Orange switches to disaggregated switches

French operator group Orange has teamed up with Edgecore Networks to start using switches running on open-source software.

Scott Bicheno

October 26, 2022

2 Min Read
Orange switches to disaggregated switches

French operator group Orange has teamed up with Edgecore Networks to start using switches running on open-source software.

The announcement was made at the Fyuz event, run by the Telecom Infra Project, at which fellow European operator group Vodafone made a bunch of Open RAN announcements yesterday. This one concerns the switches involved in access points of presence for enterprise customers. Orange is using its own network operating system based on SONiC (Software for Open Networking in the Cloud) open source code, running on Edgecore hardware.

“We are pleased to team up with Edgecore to launch our network disaggregation transformation,” said Jean Luc Vuillemin, EVP of Orange International Networks. “This joint work enables us to drastically transform the way we build and upgrade our networks. It allows us to move away from off the shelf and locked-in solutions to in-house developed solutions relying on our network developers’ expertise. Upskilling our teams to master our software allows us to regain full control of our networks and therefore manage upgrades in a fast, cost-effective and sovereign way, while providing an improved and reliable service to our customers.”

“Edgecore’s switches running SONiC software provide the high-capacity throughput required for access networks,” said Heimdall Siao, President of Edgecore. “And, by utilizing Edgecore’s carrier grade and proven robust designs, Orange is able to deploy solutions in the most demanding of carrier networks. This successful experience in Orange’s network proves that disaggregated open networking solutions are robust and capable of handling the most demanding of network environments.”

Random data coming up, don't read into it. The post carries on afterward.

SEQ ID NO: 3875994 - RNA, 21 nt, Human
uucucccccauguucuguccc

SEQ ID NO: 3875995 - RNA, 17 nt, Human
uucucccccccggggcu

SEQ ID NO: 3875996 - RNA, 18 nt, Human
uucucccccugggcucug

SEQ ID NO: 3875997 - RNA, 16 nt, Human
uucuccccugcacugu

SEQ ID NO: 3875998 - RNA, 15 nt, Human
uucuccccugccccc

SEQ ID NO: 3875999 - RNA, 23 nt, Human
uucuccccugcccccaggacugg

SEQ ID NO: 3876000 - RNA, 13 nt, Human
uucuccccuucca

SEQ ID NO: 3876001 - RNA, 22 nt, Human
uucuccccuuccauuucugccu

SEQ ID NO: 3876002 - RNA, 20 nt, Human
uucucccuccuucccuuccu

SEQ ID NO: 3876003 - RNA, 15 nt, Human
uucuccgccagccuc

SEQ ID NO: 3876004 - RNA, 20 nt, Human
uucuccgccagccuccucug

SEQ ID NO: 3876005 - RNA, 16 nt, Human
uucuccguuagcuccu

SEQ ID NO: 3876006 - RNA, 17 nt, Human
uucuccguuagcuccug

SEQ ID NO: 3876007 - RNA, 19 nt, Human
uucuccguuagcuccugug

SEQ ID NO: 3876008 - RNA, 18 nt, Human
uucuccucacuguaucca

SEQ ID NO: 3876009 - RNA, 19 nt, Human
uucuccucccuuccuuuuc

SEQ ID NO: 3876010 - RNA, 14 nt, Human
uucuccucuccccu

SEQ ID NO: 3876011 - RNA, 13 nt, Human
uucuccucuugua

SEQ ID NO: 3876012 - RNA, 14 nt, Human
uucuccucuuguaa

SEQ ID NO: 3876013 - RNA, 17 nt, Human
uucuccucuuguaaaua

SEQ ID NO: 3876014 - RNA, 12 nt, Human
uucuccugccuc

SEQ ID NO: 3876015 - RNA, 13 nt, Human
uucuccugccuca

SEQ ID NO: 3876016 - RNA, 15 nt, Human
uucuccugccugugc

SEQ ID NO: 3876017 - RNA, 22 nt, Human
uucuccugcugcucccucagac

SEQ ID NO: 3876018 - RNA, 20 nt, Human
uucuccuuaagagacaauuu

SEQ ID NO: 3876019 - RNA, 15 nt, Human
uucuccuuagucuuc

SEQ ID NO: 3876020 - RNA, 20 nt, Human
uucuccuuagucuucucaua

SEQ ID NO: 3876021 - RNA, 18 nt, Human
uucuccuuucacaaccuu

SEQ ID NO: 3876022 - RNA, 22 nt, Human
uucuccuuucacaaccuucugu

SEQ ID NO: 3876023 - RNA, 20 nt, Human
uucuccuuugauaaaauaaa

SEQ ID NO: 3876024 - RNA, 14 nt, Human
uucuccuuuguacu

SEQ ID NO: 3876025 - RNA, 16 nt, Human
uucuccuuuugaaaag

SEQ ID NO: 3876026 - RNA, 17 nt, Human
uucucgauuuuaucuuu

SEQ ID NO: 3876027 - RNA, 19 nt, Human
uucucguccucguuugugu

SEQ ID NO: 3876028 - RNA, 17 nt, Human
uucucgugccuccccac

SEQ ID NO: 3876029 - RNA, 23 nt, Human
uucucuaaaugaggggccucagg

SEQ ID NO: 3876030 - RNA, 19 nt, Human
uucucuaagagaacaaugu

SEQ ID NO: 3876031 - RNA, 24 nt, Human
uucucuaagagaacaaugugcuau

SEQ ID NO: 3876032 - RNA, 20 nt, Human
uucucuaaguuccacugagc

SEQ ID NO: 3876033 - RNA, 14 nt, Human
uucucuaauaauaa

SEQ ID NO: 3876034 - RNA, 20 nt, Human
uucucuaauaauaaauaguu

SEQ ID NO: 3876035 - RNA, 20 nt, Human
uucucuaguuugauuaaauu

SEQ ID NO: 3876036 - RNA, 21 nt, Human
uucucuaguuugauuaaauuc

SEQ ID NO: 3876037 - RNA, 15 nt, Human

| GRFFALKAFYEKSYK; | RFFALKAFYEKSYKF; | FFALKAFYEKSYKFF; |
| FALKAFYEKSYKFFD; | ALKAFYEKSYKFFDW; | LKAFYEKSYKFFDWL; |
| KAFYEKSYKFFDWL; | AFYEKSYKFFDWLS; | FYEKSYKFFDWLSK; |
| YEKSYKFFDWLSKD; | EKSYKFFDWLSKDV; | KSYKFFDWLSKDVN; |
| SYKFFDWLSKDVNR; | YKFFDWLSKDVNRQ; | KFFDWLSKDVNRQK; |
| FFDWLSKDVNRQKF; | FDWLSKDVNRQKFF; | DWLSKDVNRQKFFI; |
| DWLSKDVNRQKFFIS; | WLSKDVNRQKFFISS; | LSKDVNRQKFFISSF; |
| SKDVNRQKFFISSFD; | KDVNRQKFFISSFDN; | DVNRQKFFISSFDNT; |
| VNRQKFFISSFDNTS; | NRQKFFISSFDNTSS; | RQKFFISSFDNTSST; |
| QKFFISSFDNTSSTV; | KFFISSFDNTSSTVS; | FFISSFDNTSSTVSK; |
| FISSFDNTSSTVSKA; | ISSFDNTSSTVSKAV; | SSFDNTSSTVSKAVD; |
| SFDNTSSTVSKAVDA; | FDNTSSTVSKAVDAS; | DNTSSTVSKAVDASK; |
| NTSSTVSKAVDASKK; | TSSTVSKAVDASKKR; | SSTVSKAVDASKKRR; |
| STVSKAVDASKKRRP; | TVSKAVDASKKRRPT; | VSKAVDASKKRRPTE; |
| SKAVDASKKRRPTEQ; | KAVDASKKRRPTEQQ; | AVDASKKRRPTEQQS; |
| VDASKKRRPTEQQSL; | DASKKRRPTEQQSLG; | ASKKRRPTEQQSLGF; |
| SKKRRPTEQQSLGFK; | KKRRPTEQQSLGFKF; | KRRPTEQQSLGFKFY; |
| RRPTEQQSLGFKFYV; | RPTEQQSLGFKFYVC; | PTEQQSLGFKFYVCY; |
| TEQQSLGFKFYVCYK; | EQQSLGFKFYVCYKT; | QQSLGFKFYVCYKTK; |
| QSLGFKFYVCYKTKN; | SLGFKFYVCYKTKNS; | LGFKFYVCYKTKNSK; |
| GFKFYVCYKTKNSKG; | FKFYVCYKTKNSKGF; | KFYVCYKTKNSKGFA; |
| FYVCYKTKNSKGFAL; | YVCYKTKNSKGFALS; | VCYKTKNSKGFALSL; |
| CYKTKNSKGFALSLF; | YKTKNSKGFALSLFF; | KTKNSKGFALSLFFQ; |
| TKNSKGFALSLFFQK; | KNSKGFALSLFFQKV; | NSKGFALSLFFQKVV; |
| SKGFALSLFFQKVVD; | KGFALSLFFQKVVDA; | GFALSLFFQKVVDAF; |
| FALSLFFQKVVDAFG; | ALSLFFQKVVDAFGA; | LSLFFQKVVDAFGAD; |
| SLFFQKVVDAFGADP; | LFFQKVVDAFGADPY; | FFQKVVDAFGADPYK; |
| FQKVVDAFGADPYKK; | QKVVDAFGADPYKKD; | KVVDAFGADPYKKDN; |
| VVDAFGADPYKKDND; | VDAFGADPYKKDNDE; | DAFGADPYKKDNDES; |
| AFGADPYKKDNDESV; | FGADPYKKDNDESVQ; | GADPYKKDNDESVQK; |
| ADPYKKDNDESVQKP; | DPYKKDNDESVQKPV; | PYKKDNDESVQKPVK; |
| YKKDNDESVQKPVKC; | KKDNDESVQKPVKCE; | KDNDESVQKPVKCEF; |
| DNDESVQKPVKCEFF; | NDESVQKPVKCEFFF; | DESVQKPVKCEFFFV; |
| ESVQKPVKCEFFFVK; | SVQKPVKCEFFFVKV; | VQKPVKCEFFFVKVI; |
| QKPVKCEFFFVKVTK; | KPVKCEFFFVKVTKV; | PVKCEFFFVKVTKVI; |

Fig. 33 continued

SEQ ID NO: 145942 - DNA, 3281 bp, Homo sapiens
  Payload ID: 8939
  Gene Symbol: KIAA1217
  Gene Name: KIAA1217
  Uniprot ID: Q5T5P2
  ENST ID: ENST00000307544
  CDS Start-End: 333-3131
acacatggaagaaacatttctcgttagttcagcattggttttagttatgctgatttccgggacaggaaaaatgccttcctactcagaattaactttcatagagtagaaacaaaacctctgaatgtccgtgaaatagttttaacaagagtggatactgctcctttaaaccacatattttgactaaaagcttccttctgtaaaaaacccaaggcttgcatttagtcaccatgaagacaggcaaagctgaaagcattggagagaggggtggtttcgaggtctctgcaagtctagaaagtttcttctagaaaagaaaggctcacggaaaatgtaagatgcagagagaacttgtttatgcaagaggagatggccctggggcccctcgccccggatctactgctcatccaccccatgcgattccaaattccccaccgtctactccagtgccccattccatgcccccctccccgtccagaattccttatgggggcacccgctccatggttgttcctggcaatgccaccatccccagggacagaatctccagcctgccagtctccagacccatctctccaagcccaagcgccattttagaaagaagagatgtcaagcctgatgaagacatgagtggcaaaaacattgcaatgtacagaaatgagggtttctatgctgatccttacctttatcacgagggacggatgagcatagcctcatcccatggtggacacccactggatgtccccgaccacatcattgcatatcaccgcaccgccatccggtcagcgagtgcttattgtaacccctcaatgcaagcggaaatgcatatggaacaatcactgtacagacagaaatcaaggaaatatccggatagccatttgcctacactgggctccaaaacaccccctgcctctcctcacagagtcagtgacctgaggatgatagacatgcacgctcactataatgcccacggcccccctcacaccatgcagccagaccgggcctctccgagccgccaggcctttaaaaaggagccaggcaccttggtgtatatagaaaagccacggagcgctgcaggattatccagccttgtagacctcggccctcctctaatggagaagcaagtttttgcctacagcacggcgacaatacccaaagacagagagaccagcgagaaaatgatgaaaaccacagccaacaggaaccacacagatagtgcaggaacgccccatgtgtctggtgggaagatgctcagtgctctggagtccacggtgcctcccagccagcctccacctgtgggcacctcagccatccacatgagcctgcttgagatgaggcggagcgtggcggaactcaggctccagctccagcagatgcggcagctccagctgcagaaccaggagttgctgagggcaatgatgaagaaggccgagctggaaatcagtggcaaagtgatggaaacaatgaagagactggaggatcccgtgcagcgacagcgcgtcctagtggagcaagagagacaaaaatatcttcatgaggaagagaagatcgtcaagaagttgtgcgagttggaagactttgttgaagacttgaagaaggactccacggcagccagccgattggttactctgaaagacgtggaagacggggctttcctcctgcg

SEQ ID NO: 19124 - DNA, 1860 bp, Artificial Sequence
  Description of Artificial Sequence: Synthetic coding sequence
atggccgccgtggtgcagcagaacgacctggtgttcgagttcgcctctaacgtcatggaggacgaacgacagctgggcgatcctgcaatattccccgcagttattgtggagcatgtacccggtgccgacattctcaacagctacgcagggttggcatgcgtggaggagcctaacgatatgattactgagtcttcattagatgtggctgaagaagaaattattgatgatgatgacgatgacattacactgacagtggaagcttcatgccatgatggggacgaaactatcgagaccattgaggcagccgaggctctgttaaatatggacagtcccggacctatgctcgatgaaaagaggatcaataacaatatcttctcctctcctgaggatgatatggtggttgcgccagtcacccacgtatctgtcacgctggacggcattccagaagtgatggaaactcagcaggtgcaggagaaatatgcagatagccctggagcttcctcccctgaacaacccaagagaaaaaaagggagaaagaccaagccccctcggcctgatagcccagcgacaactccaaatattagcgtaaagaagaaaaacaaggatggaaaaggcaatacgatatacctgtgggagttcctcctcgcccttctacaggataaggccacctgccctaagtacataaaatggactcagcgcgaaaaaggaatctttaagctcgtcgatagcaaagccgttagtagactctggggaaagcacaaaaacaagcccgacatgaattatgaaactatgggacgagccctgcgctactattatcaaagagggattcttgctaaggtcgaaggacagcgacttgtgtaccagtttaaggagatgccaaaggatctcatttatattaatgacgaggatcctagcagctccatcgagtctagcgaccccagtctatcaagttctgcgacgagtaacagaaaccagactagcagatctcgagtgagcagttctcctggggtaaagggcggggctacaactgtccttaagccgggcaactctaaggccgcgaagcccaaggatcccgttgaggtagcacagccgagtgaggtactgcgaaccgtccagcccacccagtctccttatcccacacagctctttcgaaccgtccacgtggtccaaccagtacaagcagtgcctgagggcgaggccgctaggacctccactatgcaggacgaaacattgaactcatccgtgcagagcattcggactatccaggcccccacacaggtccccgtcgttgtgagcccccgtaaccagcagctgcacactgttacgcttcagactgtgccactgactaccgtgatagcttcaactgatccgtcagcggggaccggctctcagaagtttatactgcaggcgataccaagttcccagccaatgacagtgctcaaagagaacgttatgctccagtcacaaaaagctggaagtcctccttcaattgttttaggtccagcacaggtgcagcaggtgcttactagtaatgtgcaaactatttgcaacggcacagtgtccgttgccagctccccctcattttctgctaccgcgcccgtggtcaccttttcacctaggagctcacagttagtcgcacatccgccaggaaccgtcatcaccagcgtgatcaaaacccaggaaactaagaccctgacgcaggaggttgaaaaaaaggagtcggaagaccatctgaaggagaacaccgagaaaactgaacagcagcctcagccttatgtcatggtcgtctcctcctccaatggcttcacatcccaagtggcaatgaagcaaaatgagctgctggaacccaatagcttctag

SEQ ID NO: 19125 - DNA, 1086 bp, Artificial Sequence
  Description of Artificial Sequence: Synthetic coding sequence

Much of the language used in this announcement is consistent with the broader Open RAN narrative. ‘Orange’s move towards disaggregation allows for more flexible and cost-effective designs, faster deployments with a simpler IT integration, and the ability to utilize a single operating system on networking equipment from different hardware vendors,’ it claims.

Orange is heralding this move as a ‘bold step’ but you can’t have it both ways. Is it a brave piece of pioneering risk-taking or a no-brainer, given all the claimed benefits of disaggregation? That is a bit of a false dichotomy, given that the results of change in technology strategy can’t be assured in advance, but you have to assume Orange is confident it’s a safe bet. Either way, this does represent another incremental step towards opening up the telecoms kit ecosystem.

It should be noted that Orange isn’t the only recent adopter of this sort of kit. Vodafone today announced it is using Edgecore disaggregated cell site gateways. These link the RAN to the core network and will apparently allow Vodafone to more cost-effectively upgrade 4G cell sites to 5G and bring new ones online. The initial rollout is in Turkey, using software provided by German vendor ADVA.


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About the Author(s)

Scott Bicheno

As the Editorial Director of, Scott oversees all editorial activity on the site and also manages the Intelligence arm, which focuses on analysis and bespoke content.
Scott has been covering the mobile phone and broader technology industries for over ten years. Prior to Scott was the primary smartphone specialist at industry analyst Strategy Analytics’. Before that Scott was a technology journalist, covering the PC and telecoms sectors from a business perspective.
Follow him @scottbicheno

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